LAW REPORT v 25 October 1995: Directions on defendant's silence at trial

Regina v Cowan; R v Gayle; R v Ricciardi; Court of Appeal (Lord Taylor of Gosforth, Lord Chief Justice, Mr Justice Turner and Mr Justice Latham); 12 October 1995

Section 35 of the Criminal Justice and Public Order Act 1994, which altered the law in relation to a defendant in a criminal trial who did not give evidence, did not abolish the right to silence but permitted a jury, in a case where the prosecution had established a case to answer, to draw an adverse inference from the defendant's silence.

The Court of Appeal (Criminal Division) allowed the appeals of Donald Cowan and Ricky Gale against conviction and dismissed Carmine Ricciardi's appeal against conviction.

In the first two appeals the appellants were tried shortly after section 35 of the Criminal Justice and Public Order Act 1994 came into force. Section 35 altered the law and permitted the jury to draw inferences from a defendant's failure to give evidence at his trial. The trial judge directed the jury about each appellant's silence. In the third appellant's trial the judge followed the judicial studies board's specimen direction in summing up to the jury about the defendant's silence. The appellants appealed on the ground that the trial judge in each case failed to give a proper direction to the jury about when and what inferences could be drawn.

Michael Mansfield QC and Michael Magarian; Michael Mansfield QC and Christopher Baur (Registrar of Criminal Appeals) for Cowan and Gayle; Brian Hurst (Roe & Co, Abergavenny) for Ricciardi; David Jeffreys QC and Garrett Byrne; David Jeffreys QC and Andrew Radcliffe; David Jeffreys QC and Susannah Farr (CPS) for the Crown.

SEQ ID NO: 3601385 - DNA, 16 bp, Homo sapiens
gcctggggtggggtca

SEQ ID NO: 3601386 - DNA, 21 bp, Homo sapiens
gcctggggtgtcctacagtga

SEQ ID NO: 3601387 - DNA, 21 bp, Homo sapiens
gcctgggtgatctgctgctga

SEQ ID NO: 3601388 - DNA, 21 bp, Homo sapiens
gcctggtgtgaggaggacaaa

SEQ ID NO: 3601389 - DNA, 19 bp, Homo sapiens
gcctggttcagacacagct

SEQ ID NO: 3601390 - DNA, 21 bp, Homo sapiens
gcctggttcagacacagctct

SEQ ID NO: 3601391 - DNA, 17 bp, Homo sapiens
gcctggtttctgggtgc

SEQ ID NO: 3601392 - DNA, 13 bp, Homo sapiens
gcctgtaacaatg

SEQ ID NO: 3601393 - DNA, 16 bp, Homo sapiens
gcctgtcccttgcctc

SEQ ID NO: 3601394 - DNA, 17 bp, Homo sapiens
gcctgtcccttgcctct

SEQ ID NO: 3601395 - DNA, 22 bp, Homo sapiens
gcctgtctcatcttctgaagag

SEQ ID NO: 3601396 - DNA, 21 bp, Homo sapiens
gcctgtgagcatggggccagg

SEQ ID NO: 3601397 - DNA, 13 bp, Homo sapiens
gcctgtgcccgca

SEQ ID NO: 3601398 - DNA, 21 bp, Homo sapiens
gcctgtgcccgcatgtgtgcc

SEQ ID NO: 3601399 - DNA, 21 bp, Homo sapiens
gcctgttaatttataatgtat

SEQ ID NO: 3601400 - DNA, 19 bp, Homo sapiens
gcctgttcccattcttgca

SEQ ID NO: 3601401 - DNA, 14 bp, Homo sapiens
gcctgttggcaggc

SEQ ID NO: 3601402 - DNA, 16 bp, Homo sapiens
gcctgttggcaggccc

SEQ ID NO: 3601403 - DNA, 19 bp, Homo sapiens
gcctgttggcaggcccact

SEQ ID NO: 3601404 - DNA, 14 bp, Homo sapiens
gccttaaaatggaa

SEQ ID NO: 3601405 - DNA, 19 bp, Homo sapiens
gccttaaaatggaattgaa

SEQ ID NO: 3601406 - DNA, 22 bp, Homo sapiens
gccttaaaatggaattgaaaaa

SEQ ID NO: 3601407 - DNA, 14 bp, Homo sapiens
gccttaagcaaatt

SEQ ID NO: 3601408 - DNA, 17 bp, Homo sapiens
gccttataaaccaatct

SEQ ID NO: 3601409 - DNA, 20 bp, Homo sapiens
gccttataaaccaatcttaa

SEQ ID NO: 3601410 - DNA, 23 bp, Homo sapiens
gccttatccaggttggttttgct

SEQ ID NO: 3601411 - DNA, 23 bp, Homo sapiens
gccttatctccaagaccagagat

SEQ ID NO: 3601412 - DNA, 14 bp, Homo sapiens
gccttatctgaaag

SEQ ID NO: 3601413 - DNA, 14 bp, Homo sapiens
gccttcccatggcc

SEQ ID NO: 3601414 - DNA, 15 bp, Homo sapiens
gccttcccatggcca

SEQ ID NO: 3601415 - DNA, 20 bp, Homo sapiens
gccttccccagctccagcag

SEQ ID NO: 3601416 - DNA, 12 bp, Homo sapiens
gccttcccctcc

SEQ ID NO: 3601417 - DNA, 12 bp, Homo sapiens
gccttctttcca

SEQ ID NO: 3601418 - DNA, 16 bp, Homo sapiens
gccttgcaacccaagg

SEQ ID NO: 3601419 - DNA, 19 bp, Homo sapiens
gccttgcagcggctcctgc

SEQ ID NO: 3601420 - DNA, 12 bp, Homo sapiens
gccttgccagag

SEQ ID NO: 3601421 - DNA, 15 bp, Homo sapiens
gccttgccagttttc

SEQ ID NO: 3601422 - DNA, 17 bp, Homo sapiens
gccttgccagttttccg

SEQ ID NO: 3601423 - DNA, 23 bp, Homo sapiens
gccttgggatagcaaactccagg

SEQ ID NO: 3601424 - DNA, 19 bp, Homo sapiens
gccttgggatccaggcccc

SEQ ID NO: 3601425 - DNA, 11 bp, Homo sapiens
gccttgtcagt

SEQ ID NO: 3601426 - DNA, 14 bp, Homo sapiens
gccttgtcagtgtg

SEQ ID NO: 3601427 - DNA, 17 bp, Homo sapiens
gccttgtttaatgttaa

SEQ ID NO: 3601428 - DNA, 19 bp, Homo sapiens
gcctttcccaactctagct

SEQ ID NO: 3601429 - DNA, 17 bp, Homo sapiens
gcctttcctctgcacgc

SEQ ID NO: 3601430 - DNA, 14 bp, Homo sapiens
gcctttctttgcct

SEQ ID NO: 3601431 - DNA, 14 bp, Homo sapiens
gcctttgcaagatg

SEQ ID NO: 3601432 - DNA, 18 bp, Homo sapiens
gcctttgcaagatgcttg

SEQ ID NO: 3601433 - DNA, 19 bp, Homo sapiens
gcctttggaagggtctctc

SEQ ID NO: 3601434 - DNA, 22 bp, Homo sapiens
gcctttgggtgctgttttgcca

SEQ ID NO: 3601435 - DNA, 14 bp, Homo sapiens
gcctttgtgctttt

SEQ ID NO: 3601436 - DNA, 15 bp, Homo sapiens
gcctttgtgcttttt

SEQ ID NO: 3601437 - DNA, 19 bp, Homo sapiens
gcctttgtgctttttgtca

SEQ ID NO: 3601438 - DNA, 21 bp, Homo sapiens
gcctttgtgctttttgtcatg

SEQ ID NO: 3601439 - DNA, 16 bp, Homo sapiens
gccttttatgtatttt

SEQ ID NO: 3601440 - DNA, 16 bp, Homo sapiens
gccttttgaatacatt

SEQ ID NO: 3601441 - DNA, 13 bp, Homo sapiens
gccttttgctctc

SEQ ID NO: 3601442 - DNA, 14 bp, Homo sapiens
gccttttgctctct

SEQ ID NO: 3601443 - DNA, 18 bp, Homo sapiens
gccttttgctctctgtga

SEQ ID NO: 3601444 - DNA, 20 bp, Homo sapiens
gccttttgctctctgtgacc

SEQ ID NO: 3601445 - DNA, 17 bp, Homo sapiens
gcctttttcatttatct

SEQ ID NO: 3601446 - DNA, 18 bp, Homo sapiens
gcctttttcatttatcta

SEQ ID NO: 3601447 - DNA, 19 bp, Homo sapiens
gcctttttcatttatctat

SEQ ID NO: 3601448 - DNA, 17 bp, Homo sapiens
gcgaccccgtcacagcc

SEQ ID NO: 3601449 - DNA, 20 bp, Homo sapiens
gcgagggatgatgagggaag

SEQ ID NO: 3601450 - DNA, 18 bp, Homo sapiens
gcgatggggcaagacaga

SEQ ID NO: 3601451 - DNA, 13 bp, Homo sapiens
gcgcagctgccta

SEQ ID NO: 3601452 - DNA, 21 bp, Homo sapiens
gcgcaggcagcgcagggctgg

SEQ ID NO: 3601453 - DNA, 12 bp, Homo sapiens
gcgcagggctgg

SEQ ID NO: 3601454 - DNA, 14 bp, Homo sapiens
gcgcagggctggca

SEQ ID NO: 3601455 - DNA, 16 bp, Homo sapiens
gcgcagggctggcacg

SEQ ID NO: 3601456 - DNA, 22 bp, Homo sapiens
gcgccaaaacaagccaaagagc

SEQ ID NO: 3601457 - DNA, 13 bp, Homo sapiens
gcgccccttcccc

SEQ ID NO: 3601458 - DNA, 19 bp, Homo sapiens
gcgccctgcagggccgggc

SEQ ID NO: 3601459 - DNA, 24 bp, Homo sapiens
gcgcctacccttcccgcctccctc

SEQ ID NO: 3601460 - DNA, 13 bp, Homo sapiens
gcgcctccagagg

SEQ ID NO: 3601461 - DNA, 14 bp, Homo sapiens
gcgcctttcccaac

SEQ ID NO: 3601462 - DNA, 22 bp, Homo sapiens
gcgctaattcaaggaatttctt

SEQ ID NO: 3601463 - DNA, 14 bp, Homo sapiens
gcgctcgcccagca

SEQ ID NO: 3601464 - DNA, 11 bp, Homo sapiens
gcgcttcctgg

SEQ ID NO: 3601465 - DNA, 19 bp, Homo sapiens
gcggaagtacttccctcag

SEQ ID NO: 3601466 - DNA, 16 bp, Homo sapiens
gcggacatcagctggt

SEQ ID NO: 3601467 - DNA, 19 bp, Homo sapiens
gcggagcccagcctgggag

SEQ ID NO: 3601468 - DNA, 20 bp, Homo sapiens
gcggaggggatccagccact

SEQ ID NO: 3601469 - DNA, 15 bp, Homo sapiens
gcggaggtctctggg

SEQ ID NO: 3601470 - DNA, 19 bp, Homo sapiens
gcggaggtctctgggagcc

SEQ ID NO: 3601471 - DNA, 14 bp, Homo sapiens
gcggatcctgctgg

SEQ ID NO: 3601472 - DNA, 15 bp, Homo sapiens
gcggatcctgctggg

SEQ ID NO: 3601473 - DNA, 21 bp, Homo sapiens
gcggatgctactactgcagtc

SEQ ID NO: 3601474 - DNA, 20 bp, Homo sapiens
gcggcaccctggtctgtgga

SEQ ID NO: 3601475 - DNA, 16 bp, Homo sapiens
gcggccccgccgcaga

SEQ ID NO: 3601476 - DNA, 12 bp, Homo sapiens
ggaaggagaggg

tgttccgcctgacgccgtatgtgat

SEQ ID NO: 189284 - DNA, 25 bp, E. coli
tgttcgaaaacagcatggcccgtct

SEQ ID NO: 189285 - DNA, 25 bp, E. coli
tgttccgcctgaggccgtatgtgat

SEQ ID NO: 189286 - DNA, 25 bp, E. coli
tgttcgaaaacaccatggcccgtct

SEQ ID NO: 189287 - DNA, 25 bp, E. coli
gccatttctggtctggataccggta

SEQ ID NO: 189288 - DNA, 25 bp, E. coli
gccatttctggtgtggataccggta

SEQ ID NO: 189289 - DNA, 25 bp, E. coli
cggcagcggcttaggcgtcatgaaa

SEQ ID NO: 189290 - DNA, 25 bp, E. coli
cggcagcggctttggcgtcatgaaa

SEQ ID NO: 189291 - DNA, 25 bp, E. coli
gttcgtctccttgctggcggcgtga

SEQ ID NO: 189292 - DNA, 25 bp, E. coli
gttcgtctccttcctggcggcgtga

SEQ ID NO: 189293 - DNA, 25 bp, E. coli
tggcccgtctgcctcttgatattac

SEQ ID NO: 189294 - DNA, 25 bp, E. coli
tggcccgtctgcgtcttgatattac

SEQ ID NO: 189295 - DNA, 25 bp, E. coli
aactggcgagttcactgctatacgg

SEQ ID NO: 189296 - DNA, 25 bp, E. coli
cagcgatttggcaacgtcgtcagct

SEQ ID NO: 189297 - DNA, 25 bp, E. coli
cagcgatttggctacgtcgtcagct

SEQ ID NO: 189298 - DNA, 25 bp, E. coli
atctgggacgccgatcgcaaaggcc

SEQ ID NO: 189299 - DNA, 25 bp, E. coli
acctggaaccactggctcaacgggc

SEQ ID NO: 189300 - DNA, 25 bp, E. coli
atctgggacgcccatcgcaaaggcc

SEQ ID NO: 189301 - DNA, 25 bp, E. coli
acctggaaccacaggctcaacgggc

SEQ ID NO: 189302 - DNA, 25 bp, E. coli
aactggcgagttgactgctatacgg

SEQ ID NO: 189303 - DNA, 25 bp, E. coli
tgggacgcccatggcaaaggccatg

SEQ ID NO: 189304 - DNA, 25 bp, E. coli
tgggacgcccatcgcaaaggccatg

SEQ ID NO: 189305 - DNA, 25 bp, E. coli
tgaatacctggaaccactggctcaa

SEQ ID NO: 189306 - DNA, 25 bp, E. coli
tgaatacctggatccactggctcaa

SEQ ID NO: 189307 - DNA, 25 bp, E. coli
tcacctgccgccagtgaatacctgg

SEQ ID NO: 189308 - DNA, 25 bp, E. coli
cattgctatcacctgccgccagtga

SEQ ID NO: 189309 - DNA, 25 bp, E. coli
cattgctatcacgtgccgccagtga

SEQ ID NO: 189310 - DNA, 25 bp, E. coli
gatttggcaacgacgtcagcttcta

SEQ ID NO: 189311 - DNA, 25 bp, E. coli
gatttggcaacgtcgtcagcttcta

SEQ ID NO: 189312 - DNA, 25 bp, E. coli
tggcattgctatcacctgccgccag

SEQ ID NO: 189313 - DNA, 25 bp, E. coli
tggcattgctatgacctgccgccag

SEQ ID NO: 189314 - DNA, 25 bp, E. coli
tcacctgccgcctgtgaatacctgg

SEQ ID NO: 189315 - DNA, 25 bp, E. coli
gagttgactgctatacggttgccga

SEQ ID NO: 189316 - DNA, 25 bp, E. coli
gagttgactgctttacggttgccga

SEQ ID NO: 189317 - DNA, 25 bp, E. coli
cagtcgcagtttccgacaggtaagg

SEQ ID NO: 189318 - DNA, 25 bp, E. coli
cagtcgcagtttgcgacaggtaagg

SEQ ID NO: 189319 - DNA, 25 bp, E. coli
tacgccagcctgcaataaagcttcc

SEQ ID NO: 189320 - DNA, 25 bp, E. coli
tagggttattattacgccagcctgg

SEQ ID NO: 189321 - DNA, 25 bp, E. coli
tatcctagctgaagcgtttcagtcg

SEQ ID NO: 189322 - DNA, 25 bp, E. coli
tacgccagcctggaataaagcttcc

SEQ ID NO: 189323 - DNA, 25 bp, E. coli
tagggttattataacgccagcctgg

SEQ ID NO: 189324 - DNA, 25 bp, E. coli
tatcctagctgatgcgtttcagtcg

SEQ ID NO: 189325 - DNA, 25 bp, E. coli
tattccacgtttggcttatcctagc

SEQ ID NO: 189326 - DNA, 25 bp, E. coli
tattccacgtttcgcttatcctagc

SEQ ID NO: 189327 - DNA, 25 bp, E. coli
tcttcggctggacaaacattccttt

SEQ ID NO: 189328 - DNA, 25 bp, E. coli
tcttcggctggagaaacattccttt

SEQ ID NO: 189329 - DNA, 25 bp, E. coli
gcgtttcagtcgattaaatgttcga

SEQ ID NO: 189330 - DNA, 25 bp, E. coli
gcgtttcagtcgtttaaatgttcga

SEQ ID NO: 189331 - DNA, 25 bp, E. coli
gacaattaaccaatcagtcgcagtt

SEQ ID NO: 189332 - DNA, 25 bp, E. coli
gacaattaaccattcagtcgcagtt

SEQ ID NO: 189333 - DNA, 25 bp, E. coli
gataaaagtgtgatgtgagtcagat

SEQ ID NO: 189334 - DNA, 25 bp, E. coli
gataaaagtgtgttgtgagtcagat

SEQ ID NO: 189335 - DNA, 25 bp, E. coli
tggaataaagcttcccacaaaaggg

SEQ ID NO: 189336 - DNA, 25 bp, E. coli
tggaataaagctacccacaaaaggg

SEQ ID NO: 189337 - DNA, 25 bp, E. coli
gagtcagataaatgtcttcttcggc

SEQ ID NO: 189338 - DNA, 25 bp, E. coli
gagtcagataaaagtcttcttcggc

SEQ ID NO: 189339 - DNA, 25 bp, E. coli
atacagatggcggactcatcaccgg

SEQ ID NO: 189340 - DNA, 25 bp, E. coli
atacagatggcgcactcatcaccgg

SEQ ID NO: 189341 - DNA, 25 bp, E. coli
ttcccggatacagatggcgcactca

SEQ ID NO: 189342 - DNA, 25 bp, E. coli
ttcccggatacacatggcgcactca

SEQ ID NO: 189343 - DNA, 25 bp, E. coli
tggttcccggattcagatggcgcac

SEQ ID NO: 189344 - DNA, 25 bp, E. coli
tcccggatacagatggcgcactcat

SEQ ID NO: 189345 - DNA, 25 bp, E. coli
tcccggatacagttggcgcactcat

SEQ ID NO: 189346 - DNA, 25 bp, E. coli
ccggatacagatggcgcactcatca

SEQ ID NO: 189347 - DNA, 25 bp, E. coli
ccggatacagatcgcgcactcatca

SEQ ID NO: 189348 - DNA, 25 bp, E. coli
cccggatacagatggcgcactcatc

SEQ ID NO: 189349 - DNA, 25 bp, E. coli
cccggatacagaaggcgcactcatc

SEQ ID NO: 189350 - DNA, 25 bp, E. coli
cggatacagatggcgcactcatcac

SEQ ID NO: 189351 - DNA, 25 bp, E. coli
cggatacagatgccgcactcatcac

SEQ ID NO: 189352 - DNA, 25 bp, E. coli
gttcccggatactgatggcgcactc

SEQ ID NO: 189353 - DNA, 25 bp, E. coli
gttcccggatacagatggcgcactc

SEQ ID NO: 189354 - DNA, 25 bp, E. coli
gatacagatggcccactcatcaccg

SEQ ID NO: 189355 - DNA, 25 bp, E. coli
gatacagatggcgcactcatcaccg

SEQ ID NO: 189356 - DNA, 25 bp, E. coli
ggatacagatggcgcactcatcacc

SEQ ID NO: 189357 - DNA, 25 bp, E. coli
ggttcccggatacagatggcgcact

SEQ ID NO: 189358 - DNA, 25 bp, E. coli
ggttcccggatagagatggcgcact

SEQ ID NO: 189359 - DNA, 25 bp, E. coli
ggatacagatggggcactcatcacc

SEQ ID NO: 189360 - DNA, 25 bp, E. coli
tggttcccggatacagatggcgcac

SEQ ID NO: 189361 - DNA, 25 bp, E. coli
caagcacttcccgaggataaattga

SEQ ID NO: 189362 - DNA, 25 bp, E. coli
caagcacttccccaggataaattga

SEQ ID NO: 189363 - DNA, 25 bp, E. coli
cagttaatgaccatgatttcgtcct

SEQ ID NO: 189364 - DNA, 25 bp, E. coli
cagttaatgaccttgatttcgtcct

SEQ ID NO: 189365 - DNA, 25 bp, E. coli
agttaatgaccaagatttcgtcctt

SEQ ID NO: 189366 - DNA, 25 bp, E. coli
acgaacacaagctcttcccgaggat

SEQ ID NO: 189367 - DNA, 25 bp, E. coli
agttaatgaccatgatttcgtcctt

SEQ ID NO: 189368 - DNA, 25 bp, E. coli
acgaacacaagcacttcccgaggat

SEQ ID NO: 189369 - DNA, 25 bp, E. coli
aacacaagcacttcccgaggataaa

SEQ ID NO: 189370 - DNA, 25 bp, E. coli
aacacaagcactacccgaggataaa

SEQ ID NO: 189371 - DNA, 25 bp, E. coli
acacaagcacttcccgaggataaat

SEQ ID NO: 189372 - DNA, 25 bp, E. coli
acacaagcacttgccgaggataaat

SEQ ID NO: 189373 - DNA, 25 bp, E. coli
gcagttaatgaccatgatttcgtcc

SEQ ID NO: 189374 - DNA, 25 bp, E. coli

Lord Taylor CJ, giving the court's judgment, said that it should be made clear that the right of silence remained. It was not abolished by the section. As to inhibitions affecting a defendant's decision to testify or not, some existed before the 1994 Act.

The argument that section 35 altered the burden of proof was misconceived. The prosecution had to establish a prima facie case before any question of the defendant testifying was raised. The court or jury was prohibited by section 38(3) from convicting solely because of an inference drawn from the defendant's silence. The effect of section 35 was that the court or jury might regard the inference from failure to testify as a further evidential factor in support of the prosecution case. It could not be the only factor to justify a conviction and the totality of the evidence must prove guilt beyond reasonable doubt.

The plain words of section 35 did not justify confining its operation to exceptional cases. It would be open to a court to decline to drawn an adverse inference from silence at trial and for a judge to direct or advise a jury against drawing such inference. But there would need either to be some evidential basis for doing so or some exceptional factors making that a fair course to take.